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01.12.2017 | Research article | Ausgabe 1/2017 Open Access

BMC Musculoskeletal Disorders 1/2017

Synovial inflammation plays a greater role in post-traumatic osteoarthritis compared to idiopathic osteoarthritis in the Hartley guinea pig knee

BMC Musculoskeletal Disorders > Ausgabe 1/2017
Nathan P. Thomas, Wesley J. Wu, Braden C. Fleming, Fangyuan Wei, Qian Chen, Lei Wei



The objective of this study was to evaluate the extent of stromal cell-derived factor-1’s (SDF-1) involvement in the pathogenesis of idiopathic versus post-traumatic OA by comparing differences in synovial membrane morphology, SDF-1 synovial fluid (SF) concentrations, and matrix metalloproteinase-13 (MMP-13) SF concentrations.


Thirty-six 3-month-old Hartley guinea pigs were obtained and divided into 6 groups. Upon sacrifice, India Ink staining was used to evaluate gross morphology, Safranin O/Fast green staining was used to assess cartilage damage, H/E staining was employed to visualize the synovium, and SF samples were obtained for biochemical analyses. Sandwich ELISA was used to quantify the SF concentrations of SDF-1 and MMP-13.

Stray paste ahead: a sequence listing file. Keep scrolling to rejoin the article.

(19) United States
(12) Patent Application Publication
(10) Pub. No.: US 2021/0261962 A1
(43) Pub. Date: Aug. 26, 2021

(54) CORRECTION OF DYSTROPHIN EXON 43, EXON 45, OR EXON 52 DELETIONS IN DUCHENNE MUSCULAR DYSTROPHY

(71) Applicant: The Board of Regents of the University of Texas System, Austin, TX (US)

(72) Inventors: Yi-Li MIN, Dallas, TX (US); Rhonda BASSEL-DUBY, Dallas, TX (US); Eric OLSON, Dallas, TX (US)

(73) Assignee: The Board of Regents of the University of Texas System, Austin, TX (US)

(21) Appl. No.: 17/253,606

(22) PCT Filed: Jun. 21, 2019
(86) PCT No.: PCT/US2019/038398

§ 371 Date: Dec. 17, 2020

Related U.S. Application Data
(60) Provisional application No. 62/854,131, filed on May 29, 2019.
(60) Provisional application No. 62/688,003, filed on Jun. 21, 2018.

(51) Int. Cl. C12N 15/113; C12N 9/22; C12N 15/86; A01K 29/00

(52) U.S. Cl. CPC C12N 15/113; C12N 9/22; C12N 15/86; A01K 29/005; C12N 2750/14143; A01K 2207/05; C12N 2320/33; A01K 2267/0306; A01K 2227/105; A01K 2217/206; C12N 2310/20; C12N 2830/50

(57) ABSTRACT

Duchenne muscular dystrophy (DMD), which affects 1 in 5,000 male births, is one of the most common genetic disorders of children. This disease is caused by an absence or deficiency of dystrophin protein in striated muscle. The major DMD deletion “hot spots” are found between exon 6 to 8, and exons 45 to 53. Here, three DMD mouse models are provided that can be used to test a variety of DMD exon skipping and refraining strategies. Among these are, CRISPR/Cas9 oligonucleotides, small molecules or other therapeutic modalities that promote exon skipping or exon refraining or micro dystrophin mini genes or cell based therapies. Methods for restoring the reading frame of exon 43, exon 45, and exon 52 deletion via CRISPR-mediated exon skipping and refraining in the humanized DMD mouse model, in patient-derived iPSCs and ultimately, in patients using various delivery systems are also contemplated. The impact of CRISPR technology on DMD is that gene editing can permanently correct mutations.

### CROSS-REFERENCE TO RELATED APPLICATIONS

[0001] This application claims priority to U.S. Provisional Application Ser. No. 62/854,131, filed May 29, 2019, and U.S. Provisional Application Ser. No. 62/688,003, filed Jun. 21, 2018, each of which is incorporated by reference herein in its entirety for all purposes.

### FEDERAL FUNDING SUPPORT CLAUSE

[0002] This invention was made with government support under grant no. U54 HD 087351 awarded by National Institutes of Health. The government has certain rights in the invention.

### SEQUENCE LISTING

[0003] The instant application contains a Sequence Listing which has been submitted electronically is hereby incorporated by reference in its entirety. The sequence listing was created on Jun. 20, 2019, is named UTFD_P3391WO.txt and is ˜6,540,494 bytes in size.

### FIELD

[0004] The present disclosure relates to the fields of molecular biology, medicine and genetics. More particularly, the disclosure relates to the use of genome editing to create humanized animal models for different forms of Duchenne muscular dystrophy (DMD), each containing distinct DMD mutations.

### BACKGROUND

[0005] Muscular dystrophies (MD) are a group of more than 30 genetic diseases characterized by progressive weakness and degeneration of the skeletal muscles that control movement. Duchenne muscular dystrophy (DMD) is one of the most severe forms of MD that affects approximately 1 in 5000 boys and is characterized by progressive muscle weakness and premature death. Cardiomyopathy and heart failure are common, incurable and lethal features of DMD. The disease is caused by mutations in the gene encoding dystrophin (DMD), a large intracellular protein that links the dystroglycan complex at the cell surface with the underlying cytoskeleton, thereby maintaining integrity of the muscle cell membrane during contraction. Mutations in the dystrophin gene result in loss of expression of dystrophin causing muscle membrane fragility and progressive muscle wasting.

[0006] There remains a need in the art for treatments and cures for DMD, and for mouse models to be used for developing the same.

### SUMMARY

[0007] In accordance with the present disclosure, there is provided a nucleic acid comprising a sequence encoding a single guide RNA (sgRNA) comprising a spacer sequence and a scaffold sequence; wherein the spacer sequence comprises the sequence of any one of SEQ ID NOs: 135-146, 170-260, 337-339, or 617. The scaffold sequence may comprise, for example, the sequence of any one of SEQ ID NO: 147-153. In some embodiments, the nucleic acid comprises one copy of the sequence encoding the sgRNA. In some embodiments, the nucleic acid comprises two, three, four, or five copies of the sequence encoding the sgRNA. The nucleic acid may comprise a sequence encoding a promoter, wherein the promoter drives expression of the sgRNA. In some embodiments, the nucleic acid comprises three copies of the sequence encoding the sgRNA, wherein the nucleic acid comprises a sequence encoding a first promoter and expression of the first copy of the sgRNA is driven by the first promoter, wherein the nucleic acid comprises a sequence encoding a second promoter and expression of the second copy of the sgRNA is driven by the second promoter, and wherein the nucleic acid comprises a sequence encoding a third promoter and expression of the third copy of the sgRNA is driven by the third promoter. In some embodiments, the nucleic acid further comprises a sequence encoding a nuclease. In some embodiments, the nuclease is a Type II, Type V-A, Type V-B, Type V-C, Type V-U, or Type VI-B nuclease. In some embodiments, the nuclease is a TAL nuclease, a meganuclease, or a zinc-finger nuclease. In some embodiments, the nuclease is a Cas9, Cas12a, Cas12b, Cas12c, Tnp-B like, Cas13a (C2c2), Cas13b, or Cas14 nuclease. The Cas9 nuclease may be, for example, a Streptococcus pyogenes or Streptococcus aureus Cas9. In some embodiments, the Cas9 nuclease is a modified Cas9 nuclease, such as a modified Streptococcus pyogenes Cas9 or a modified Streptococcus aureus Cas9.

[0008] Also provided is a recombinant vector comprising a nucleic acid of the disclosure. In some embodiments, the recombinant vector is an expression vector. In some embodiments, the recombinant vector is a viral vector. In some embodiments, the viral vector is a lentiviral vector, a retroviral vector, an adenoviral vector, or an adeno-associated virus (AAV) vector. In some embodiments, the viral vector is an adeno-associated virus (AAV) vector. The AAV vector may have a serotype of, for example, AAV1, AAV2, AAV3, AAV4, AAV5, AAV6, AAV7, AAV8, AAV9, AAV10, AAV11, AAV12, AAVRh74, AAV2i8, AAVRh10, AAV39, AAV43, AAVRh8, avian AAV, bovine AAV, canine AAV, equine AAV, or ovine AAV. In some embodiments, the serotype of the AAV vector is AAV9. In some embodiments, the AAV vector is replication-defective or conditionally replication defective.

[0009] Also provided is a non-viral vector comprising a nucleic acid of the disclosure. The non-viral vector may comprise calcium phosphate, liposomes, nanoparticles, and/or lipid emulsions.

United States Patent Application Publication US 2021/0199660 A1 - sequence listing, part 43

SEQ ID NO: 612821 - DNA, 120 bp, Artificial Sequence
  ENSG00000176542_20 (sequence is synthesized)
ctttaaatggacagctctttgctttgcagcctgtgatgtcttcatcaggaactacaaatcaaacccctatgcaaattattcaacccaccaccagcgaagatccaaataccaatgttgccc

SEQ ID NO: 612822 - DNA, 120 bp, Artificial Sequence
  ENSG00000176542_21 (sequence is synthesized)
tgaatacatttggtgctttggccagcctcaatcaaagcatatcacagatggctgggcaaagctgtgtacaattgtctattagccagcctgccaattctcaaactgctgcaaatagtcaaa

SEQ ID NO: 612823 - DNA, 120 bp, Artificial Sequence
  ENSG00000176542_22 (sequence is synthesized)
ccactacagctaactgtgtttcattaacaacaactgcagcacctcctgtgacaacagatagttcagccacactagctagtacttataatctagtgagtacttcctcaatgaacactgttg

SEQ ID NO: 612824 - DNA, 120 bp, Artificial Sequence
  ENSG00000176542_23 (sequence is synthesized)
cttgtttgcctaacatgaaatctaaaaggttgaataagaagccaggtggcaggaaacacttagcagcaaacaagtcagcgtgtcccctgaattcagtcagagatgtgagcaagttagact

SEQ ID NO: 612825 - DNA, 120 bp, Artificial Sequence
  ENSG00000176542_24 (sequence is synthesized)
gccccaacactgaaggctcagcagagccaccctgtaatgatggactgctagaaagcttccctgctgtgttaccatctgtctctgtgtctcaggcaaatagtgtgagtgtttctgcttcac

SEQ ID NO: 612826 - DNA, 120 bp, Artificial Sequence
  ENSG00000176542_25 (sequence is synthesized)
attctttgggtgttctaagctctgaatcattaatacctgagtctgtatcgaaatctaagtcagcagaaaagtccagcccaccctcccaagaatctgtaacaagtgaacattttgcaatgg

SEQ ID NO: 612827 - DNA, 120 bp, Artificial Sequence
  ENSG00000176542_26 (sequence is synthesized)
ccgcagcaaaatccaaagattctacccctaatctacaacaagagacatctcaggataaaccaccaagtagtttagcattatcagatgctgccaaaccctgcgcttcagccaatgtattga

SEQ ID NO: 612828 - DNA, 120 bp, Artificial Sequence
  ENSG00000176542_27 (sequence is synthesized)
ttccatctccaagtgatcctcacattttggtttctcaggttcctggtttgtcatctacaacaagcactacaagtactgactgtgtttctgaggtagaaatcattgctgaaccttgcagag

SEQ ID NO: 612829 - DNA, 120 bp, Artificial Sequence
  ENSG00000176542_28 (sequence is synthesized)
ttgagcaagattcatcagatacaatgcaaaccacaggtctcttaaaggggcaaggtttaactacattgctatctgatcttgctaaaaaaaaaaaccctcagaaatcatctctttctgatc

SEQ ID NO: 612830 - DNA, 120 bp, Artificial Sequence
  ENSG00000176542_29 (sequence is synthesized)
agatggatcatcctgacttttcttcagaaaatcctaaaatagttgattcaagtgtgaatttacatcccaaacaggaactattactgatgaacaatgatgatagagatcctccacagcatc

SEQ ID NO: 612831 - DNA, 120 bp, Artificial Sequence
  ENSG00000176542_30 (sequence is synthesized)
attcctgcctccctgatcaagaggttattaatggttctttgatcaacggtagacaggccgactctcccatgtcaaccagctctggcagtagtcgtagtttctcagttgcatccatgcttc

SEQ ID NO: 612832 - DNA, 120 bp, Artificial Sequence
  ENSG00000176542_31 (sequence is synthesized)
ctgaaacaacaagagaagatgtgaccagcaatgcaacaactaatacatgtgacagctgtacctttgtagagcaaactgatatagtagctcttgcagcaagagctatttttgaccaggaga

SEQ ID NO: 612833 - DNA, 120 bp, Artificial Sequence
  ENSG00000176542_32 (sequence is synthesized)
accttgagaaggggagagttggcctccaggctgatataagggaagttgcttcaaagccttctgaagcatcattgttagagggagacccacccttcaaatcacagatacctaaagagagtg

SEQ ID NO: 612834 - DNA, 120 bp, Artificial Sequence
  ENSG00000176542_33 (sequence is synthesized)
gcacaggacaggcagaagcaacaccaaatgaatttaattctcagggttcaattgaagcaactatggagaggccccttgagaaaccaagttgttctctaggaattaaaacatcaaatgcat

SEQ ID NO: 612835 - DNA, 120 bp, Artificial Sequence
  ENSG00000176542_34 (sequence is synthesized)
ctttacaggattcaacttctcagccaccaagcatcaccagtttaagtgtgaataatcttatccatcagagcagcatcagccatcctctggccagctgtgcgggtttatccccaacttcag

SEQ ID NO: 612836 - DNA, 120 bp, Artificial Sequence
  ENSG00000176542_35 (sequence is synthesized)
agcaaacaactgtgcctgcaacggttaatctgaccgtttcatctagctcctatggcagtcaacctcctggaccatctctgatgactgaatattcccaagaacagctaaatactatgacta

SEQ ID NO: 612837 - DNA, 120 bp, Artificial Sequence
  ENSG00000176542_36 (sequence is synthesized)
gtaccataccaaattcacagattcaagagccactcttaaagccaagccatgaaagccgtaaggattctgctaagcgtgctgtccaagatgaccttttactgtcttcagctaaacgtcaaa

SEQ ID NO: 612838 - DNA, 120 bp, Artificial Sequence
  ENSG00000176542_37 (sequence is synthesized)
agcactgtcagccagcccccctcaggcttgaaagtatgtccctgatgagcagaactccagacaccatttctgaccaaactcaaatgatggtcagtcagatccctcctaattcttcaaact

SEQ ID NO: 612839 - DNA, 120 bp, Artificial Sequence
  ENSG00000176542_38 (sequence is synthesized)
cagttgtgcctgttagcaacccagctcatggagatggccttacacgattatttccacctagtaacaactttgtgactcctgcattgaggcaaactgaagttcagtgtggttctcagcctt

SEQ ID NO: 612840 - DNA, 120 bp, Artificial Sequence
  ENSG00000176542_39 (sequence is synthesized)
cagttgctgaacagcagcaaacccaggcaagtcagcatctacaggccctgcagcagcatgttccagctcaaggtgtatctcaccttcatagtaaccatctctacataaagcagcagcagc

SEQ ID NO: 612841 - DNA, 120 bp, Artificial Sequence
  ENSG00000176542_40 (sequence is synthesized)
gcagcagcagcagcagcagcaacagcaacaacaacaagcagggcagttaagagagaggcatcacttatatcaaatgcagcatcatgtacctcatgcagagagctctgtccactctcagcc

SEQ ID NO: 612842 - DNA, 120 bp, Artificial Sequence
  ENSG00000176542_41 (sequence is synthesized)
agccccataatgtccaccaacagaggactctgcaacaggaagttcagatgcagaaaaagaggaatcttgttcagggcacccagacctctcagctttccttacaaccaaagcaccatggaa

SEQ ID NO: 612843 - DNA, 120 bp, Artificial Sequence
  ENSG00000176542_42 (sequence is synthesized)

12 month-old, idiopathic OA guinea pigs and 5.5 month-old ACLT animals had comparable cartilage damage when evaluated by the Modified Mankin Score. SDF-1 and MMP-13 concentrations were not statistically different between the two groups. The synovial membrane of the 5.5 month ACLT group had severe synovitis compared to the idiopathic OA group.


In this study, it was found that synovial inflammation, independent of cartilage morphology, SDF-1 concentration, and MMP-13 concentration, was markedly different between idiopathic and post-traumatic OA. These results highlight the differing morphological and biochemical profiles of post-traumatic versus idiopathic osteoarthritis and calls for a more thorough examination of the sole of the synovial membrane in the pathogenesis of post-traumatic osteoarthritis.
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